barkingdigger
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Posted: Monday, July 13, 2015 - 12:15 AM UTC
It's been FAR too long since I updated this build log! (Drat that "Real Life" getting in the way... ) My goal was a museum scene with the side off, the track curled up, and the guns out on display.



Anyway, I eventually got round to throwing paint, so here's where we stand.

I started with a coat of good old Halfords Grey auto primer - cheap, cheerful, and surprisingly good! After a week or so to let it truly dry out, I then started on some pre-shading with Tamiya Flat Brown acrylic along all the rivet lines and seams. This was then added to by a very thin shading of Tamiya Nato Black on the floor of the drive-chain area on the "open" side of my model. By comparison, the forward area would be relatively clean, since there was no chain throwing grease around. These inside areas then got a very thin coat of Tamiya Medium Grey to blend things in - I assume this area was simply unreachable by the time the finish coat of Khaki was added. (All the workshop pics I've seen show the tanks as very light-coloured during assembly, so it seems they were probably a "machinery grey" until at least after they were assembled.) These areas were then masked before the outside was sprayed.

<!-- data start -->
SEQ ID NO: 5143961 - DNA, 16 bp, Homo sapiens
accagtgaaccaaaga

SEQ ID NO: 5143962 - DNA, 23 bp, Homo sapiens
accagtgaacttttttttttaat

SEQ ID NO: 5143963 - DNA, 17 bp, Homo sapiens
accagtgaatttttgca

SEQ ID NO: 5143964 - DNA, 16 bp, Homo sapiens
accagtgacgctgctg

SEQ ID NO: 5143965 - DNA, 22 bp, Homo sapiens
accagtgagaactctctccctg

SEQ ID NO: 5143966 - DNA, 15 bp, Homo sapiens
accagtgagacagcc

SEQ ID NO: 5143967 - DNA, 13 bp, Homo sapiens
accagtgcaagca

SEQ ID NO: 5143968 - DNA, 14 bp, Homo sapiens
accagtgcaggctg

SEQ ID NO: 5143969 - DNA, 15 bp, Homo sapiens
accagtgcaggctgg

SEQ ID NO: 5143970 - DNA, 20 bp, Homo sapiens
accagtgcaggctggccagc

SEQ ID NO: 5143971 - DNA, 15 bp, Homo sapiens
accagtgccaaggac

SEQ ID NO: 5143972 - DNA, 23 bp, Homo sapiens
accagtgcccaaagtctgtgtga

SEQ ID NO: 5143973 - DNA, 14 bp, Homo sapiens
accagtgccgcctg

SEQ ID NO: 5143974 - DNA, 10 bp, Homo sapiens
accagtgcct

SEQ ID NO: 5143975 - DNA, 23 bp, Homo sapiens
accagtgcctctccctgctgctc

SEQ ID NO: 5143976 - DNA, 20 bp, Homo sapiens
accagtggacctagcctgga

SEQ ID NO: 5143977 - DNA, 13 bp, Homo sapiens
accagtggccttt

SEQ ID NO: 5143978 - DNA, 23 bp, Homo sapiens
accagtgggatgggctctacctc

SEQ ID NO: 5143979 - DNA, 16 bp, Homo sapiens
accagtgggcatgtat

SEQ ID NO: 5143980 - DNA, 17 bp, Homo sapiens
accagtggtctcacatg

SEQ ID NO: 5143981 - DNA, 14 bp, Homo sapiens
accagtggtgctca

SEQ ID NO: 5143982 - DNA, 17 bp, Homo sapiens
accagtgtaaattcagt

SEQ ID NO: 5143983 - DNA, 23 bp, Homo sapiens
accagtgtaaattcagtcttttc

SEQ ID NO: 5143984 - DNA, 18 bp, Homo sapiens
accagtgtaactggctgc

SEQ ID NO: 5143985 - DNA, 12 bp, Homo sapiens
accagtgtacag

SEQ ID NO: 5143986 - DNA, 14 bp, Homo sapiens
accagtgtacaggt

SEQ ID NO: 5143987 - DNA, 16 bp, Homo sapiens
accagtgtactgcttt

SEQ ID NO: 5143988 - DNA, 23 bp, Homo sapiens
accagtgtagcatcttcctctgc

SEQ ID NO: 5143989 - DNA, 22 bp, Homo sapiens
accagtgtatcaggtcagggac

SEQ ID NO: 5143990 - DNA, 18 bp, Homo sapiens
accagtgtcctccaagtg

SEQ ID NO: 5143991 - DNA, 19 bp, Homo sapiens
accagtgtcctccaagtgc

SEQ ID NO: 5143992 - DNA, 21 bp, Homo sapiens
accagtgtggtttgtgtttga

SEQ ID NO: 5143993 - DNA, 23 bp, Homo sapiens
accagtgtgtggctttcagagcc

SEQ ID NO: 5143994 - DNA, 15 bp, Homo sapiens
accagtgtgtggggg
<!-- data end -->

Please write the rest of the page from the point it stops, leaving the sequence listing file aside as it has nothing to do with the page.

To do the outside I was given a set of AK's WWI British Colors to review here. These went on well, giving a base, shadow, and highlight that I tried to keep very thin so the pre-shade would show through.



Then I masked and sprayed the white and red striped on the cab roof and front side, again trying to let underlying shades peek through.


barkingdigger
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Posted: Monday, July 13, 2015 - 12:26 AM UTC